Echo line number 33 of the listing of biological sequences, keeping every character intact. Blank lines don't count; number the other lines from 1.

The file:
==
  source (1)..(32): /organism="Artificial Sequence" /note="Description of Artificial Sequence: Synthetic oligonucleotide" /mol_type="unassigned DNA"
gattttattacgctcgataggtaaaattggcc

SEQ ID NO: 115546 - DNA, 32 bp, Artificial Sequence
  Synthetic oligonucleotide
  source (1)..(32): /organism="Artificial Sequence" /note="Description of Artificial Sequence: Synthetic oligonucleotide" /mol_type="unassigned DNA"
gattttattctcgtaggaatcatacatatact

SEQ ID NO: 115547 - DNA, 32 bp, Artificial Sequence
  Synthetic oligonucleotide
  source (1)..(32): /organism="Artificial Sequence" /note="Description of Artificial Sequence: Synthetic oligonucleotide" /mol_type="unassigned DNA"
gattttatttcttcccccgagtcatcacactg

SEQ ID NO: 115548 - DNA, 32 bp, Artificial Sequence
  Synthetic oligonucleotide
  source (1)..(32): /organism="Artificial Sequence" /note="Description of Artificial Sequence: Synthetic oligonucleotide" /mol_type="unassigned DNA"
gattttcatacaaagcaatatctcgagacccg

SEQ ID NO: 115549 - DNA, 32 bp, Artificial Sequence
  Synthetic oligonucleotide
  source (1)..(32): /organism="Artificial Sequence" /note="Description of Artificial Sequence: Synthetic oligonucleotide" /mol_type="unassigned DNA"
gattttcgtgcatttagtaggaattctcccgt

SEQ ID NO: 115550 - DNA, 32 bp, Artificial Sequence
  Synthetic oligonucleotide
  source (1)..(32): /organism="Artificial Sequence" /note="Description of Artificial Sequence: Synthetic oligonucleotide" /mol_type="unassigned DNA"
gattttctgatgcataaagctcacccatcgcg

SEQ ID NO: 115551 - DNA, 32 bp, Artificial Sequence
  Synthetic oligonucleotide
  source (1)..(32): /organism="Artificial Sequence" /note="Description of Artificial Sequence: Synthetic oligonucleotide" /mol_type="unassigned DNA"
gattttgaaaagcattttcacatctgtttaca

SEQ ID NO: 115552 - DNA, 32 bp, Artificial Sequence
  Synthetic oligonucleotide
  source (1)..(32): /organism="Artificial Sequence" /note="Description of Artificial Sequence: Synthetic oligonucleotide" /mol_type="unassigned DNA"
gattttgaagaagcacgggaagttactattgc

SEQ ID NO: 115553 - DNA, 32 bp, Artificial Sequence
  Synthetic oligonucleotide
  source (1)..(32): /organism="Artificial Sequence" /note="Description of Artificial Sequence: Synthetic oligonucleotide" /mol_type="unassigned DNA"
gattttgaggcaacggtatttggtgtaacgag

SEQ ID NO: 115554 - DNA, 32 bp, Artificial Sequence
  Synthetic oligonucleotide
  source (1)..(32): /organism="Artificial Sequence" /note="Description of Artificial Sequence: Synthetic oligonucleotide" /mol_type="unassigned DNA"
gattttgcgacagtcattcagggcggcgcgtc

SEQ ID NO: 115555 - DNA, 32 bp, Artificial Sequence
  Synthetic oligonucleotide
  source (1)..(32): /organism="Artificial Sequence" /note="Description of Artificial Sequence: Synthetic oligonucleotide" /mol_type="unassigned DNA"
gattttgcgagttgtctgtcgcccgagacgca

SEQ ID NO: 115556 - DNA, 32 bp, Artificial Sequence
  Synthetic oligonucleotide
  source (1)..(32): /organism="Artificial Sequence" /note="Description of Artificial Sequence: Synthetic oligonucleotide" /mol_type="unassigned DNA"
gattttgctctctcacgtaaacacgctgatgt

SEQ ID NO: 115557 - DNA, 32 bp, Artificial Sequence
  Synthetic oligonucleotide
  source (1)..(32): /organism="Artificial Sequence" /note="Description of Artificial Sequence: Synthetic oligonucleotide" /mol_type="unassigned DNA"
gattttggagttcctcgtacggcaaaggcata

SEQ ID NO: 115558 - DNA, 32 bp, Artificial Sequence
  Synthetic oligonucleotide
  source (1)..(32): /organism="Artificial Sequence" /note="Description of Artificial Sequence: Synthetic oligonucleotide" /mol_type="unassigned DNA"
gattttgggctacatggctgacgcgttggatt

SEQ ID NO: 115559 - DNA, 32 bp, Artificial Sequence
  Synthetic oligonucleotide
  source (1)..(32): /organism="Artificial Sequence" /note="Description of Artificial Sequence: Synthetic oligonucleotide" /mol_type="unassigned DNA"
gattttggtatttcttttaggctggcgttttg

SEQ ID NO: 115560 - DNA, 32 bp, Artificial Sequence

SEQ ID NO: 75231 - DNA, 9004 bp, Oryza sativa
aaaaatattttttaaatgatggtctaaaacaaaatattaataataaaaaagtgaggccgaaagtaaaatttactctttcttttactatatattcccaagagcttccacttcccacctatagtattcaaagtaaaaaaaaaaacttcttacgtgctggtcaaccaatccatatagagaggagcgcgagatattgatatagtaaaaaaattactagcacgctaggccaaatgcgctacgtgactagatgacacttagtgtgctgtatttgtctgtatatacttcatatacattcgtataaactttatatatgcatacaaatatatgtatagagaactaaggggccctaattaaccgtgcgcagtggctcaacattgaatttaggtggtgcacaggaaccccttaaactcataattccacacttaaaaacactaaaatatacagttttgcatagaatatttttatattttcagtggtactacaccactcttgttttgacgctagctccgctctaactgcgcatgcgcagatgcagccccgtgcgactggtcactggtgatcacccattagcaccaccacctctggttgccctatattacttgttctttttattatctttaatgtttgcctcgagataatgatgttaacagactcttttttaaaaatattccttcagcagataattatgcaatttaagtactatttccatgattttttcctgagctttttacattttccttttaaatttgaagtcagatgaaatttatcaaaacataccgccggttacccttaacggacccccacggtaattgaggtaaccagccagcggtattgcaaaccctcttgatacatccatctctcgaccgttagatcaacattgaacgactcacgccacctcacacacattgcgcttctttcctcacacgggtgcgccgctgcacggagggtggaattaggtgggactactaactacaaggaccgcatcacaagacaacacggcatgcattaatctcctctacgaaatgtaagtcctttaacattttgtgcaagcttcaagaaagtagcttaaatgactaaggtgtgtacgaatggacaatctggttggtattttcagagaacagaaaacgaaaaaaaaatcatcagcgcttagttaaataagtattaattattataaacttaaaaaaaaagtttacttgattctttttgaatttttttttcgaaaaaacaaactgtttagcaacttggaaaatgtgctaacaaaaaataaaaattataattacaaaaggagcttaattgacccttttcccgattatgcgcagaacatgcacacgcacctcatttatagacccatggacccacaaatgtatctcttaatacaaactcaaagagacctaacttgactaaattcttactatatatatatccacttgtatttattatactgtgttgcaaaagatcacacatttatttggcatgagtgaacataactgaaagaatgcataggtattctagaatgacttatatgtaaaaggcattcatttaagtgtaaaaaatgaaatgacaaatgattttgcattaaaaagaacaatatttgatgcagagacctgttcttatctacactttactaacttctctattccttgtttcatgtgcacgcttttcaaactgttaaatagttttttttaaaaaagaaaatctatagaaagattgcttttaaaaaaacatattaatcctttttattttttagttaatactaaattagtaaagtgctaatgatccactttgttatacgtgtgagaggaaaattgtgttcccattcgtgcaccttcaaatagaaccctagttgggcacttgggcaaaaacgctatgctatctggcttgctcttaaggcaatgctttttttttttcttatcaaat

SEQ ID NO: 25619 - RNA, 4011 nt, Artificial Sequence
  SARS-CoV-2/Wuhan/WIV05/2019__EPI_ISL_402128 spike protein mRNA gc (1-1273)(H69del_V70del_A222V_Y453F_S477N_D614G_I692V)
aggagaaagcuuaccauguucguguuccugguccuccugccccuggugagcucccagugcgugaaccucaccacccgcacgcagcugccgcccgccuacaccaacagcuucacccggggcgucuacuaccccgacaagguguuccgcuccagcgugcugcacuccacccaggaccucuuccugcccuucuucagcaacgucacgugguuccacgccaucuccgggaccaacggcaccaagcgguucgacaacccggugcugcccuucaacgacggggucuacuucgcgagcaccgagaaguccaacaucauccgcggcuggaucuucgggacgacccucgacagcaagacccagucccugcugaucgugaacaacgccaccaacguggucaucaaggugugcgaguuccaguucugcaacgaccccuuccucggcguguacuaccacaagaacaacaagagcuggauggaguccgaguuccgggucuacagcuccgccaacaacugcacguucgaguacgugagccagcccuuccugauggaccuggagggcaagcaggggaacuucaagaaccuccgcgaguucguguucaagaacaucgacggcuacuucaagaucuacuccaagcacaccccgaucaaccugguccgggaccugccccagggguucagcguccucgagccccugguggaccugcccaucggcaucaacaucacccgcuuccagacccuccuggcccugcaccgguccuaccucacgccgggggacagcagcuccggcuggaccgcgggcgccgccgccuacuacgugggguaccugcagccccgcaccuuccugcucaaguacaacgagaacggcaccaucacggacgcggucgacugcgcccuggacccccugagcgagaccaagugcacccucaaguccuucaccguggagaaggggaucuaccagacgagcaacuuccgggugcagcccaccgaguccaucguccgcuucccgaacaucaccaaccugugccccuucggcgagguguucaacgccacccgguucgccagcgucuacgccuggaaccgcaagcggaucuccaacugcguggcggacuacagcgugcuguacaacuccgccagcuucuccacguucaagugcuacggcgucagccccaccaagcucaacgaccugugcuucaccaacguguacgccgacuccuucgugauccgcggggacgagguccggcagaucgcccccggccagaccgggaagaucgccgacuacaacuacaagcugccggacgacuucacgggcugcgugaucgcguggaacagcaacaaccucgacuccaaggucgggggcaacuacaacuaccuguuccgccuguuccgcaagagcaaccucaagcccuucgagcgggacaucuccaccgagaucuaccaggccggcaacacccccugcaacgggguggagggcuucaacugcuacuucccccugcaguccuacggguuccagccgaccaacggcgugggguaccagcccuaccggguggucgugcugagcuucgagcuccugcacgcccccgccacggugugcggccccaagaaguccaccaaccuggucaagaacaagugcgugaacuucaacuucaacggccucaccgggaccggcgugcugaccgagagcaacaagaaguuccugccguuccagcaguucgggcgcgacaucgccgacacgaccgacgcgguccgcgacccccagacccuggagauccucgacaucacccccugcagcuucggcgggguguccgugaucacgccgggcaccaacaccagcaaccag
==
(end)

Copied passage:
  source (1)..(32): /organism="Artificial Sequence" /note="Description of Artificial Sequence: Synthetic oligonucleotide" /mol_type="unassigned DNA"